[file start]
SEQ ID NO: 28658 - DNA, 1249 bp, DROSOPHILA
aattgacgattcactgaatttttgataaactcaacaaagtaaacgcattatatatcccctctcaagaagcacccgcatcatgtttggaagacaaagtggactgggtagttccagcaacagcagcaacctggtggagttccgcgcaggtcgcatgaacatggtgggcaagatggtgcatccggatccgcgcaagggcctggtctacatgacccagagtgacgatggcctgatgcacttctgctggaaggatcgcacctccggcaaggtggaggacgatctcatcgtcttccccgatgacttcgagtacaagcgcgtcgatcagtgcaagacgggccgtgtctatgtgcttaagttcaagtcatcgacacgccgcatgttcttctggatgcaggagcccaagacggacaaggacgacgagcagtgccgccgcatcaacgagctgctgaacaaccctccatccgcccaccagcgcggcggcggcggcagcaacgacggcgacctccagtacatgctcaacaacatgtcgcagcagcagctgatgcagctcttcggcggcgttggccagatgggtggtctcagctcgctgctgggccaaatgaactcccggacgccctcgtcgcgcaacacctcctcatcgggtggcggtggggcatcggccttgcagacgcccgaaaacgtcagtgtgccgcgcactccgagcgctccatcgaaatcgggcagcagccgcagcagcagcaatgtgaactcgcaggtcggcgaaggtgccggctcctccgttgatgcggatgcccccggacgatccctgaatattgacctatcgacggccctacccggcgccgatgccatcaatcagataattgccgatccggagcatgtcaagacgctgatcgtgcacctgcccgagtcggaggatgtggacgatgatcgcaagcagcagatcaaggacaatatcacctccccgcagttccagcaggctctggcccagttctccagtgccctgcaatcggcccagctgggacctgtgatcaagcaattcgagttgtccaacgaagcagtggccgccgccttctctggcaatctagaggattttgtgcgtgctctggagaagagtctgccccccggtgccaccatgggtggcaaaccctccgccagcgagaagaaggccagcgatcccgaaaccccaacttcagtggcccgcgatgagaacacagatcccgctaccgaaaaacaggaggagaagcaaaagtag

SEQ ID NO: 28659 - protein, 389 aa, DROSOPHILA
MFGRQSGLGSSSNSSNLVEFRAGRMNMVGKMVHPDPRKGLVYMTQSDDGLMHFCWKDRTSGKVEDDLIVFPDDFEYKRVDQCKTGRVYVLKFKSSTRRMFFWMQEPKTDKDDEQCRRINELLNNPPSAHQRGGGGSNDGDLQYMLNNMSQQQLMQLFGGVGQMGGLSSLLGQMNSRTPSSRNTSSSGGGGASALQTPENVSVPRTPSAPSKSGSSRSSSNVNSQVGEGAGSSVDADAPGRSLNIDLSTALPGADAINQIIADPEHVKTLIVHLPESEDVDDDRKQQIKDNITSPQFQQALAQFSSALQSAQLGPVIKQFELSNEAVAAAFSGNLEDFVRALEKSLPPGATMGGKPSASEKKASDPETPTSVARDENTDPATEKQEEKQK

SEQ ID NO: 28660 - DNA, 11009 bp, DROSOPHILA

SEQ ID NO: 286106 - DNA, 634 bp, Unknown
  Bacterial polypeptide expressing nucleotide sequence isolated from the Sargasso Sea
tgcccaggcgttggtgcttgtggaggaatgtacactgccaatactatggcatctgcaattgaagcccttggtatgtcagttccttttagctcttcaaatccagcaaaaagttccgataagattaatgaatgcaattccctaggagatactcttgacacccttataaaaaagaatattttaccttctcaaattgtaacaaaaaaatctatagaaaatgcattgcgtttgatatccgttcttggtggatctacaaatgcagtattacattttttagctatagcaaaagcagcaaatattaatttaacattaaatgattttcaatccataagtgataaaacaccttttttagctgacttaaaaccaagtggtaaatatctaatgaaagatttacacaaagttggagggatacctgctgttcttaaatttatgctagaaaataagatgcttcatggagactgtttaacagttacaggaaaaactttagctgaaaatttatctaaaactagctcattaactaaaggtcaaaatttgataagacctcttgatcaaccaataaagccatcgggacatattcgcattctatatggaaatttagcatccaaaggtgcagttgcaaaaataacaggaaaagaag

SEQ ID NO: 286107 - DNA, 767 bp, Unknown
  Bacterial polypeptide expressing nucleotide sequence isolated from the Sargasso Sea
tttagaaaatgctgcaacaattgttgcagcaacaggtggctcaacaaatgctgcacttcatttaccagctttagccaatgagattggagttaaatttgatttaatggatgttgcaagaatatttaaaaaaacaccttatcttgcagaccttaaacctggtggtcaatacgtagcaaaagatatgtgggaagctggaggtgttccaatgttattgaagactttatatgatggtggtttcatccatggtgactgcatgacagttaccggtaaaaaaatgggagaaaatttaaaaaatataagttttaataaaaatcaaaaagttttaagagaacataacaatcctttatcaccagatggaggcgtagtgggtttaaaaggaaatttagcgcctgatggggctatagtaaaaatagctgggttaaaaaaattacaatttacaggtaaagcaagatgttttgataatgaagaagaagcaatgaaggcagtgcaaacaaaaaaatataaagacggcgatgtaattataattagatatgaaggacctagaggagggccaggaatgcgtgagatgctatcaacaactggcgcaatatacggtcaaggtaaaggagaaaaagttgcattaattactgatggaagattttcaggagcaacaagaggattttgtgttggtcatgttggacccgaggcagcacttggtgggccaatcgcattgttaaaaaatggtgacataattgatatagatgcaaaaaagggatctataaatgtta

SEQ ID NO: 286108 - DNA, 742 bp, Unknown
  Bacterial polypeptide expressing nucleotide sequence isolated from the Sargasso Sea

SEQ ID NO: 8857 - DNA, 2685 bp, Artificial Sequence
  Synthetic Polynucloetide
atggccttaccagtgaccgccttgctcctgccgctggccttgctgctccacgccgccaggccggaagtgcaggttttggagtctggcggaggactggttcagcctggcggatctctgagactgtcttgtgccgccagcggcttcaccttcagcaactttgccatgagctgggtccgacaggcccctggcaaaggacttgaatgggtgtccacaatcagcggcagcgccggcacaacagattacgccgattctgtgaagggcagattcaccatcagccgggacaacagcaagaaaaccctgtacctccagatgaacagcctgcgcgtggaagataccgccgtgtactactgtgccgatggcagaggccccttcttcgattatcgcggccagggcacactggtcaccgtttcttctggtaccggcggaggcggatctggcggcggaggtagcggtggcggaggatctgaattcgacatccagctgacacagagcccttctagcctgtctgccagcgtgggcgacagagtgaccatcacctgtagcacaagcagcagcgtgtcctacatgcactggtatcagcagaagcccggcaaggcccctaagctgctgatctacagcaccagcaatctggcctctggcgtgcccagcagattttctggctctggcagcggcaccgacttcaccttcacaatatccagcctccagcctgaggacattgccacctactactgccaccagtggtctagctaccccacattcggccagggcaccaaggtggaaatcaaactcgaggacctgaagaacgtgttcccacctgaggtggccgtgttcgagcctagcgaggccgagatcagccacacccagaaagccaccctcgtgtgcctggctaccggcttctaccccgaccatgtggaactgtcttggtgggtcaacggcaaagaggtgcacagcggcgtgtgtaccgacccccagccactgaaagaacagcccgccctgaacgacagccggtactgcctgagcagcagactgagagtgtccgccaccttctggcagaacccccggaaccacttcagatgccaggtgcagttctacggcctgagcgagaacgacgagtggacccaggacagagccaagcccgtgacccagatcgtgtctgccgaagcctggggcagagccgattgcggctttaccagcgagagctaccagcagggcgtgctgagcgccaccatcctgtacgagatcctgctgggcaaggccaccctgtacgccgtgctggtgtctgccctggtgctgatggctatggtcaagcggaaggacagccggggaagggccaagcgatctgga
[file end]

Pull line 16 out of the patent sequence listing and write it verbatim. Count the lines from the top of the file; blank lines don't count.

atggccttaccagtgaccgccttgctcctgccgctggccttgctgctccacgccgccaggccggaagtgcaggttttggagtctggcggaggactggttcagcctggcggatctctgagactgtcttgtgccgccagcggcttcaccttcagcaactttgccatgagctgggtccgacaggcccctggcaaaggacttgaatgggtgtccacaatcagcggcagcgccggcacaacagattacgccgattctgtgaagggcagattcaccatcagccgggacaacagcaagaaaaccctgtacctccagatgaacagcctgcgcgtggaagataccgccgtgtactactgtgccgatggcagaggccccttcttcgattatcgcggccagggcacactggtcaccgtttcttctggtaccggcggaggcggatctggcggcggaggtagcggtggcggaggatctgaattcgacatccagctgacacagagcccttctagcctgtctgccagcgtgggcgacagagtgaccatcacctgtagcacaagcagcagcgtgtcctacatgcactggtatcagcagaagcccggcaaggcccctaagctgctgatctacagcaccagcaatctggcctctggcgtgcccagcagattttctggctctggcagcggcaccgacttcaccttcacaatatccagcctccagcctgaggacattgccacctactactgccaccagtggtctagctaccccacattcggccagggcaccaaggtggaaatcaaactcgaggacctgaagaacgtgttcccacctgaggtggccgtgttcgagcctagcgaggccgagatcagccacacccagaaagccaccctcgtgtgcctggctaccggcttctaccccgaccatgtggaactgtcttggtgggtcaacggcaaagaggtgcacagcggcgtgtgtaccgacccccagccactgaaagaacagcccgccctgaacgacagccggtactgcctgagcagcagactgagagtgtccgccaccttctggcagaacccccggaaccacttcagatgccaggtgcagttctacggcctgagcgagaacgacgagtggacccaggacagagccaagcccgtgacccagatcgtgtctgccgaagcctggggcagagccgattgcggctttaccagcgagagctaccagcagggcgtgctgagcgccaccatcctgtacgagatcctgctgggcaaggccaccctgtacgccgtgctggtgtctgccctggtgctgatggctatggtcaagcggaaggacagccggggaagggccaagcgatctgga